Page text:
The Post eagerly reported this morning that a 92-year-old man very nearly lost his life after helpless emergency workers became lost in a labyrinth of Citi Bike racks as they tried to rescue the ailing nonagenarian from the 20th floor of his Greenwich Village co-op building.
“The ambulance couldn’t even come up to the building," Lee Liss, the victim's wife, told the tabloid. "The ambulance couldn’t get to him. These bike racks are a detriment.”
“With great difficulty they managed to get the guy out,” said Dave Marcus, vice president of the Cambridge co-op board, adding that the racks formed none other than an "impregnable wall.”
But a quick call to the fire department revealed that this simply wasn't the case—not by a long shot, said Frank Gribbon, an FDNY spokesperson.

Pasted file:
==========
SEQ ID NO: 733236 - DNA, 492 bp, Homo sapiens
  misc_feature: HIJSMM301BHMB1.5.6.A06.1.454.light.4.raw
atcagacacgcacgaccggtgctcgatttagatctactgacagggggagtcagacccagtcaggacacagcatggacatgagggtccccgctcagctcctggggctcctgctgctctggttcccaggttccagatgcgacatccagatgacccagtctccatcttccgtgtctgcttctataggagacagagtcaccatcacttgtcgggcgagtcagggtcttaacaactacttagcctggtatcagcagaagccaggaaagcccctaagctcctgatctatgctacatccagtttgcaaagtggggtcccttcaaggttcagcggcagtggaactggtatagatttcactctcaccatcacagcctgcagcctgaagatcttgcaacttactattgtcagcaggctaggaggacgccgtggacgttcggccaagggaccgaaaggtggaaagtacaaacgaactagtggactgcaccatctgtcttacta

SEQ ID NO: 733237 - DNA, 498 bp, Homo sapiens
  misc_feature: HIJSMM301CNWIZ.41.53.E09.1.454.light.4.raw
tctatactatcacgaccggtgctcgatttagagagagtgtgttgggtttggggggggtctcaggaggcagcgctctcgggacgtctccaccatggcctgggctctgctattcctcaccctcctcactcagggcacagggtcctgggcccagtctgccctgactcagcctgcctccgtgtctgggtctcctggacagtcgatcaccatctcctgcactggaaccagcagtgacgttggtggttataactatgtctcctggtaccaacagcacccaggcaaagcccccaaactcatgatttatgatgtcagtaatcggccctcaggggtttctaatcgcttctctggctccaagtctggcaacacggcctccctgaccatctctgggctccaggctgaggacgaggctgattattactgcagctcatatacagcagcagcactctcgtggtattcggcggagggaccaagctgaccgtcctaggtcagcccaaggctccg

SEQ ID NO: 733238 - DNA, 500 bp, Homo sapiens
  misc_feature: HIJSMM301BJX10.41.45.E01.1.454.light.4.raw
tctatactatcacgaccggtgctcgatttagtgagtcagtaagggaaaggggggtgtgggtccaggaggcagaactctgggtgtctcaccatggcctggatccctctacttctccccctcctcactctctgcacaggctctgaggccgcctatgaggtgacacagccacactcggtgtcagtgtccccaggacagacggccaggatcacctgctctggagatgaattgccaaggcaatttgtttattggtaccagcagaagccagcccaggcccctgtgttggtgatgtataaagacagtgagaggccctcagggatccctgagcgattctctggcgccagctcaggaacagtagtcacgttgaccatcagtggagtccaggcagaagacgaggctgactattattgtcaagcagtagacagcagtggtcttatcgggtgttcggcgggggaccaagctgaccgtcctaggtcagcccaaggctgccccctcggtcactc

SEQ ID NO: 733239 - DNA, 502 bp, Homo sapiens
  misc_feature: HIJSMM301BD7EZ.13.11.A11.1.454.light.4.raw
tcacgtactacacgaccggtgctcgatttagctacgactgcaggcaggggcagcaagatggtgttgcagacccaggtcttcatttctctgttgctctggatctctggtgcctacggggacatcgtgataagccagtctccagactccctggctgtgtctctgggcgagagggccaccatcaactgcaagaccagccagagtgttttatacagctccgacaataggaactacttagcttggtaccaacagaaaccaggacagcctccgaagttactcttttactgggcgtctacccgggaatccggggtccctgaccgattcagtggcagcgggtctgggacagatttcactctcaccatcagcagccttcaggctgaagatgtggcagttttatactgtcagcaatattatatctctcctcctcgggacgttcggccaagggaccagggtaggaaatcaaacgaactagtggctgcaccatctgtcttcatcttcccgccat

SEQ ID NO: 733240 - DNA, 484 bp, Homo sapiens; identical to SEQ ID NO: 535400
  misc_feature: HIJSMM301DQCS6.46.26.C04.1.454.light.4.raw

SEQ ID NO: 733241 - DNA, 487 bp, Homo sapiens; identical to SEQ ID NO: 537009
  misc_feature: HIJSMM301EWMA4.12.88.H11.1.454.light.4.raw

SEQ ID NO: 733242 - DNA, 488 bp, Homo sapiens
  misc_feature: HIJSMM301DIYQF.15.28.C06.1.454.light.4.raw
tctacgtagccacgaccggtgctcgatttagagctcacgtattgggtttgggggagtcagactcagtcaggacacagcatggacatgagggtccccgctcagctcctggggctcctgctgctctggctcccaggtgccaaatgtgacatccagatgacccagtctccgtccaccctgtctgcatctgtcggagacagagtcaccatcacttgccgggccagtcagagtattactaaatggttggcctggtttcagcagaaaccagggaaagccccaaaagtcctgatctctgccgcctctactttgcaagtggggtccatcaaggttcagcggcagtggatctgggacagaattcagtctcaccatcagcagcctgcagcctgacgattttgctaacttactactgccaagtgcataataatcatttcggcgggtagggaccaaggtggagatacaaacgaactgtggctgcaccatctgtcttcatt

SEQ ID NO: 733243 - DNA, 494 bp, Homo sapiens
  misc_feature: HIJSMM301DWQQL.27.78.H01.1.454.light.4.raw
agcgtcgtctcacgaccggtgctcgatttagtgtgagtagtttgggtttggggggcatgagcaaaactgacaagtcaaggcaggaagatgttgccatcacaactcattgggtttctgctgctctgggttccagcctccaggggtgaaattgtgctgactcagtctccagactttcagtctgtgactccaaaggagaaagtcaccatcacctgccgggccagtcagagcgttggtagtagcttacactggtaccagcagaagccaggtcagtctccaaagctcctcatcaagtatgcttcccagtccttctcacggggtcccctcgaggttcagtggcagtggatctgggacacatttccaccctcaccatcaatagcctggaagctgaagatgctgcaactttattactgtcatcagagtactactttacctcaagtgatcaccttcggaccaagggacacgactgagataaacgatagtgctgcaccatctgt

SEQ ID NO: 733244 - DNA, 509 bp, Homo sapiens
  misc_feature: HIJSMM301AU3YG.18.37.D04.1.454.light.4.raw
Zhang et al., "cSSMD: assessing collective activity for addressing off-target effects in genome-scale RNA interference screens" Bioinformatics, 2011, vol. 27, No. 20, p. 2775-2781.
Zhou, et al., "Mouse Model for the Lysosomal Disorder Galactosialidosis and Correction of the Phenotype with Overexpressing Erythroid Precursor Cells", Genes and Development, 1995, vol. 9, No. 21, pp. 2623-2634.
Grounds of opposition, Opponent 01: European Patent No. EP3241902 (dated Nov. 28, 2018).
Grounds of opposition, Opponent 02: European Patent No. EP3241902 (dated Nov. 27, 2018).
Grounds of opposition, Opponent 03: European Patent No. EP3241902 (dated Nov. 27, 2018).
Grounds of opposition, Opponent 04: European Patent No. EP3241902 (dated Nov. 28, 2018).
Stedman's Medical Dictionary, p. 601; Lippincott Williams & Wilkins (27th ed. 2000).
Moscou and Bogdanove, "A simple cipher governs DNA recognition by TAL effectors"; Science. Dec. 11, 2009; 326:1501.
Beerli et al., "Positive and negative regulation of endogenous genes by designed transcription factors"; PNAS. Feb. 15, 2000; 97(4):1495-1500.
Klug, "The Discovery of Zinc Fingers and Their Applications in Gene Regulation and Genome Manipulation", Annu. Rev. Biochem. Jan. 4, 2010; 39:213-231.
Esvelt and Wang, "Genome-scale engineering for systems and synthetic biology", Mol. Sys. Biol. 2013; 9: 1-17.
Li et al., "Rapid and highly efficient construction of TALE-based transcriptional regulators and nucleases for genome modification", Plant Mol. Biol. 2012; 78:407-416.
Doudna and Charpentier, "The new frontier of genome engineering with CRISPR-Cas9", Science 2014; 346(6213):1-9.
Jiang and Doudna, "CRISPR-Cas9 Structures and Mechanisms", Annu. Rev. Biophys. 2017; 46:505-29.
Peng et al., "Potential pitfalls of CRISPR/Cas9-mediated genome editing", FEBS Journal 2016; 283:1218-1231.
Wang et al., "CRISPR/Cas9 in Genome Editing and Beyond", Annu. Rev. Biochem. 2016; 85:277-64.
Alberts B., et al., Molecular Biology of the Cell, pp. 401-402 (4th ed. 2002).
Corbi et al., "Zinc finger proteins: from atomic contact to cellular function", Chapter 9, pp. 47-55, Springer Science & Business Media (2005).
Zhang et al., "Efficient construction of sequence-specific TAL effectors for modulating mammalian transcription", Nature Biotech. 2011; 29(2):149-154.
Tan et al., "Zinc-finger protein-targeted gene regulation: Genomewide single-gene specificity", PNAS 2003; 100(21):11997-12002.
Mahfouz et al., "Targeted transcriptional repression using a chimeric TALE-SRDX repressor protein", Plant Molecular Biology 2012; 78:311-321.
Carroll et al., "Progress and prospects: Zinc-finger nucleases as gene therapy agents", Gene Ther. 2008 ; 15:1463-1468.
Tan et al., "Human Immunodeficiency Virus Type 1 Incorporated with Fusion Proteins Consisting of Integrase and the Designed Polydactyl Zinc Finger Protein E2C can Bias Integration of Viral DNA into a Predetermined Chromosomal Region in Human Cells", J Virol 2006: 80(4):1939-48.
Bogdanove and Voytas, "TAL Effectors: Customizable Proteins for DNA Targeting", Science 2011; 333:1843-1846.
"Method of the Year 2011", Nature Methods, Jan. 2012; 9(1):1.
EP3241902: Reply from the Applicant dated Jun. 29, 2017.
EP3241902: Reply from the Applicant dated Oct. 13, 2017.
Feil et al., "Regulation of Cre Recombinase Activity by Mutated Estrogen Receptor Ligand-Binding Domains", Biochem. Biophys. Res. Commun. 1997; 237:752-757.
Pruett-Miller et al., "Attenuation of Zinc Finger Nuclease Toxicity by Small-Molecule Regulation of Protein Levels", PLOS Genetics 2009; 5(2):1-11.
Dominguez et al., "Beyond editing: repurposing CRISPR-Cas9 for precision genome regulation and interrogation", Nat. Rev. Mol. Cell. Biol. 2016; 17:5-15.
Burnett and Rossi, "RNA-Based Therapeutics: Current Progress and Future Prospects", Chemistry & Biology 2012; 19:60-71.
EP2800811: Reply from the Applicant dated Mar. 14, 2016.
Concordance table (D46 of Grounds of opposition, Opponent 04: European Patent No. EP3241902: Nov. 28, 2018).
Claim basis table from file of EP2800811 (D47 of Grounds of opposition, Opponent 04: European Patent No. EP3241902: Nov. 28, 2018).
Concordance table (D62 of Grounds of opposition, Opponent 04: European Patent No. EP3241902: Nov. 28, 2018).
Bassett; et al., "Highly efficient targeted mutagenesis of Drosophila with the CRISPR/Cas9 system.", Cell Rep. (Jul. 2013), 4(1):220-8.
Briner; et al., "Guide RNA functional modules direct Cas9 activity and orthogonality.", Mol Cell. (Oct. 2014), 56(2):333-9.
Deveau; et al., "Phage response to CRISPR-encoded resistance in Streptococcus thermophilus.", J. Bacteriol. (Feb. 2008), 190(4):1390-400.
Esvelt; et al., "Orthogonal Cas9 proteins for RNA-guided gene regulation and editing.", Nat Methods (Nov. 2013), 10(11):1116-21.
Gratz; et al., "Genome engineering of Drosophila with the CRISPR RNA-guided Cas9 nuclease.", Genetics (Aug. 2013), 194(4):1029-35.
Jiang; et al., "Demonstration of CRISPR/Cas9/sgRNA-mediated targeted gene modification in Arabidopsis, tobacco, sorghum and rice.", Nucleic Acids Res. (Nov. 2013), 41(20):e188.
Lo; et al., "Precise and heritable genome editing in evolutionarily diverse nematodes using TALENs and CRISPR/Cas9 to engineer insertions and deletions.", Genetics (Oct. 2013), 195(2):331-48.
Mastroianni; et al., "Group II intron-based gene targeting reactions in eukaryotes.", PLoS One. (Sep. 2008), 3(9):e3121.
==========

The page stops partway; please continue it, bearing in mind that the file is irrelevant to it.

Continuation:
"The fire units on scene had absolutely no problem accessing this building," he said. Well, surely paramedics have had trouble maneuvering around other Citi Bike kiosks?
"There have been no problems," Gribbon said, exasperated. "None."
The Cambridge, located at 175 W. 13th St., last week filed a lawsuit against Citi Bike, saying that the 39-space docking station was supposed to go on the south side of West 13th Street but was instead stalled on the north side—an "eleventh-hour switch of locations" that represents a "false and deceptive report."
Here's a photo of the Cambridge before the arrival of Wicked Citi Bike. I guess that barrier of cars was there for protection against wild animals?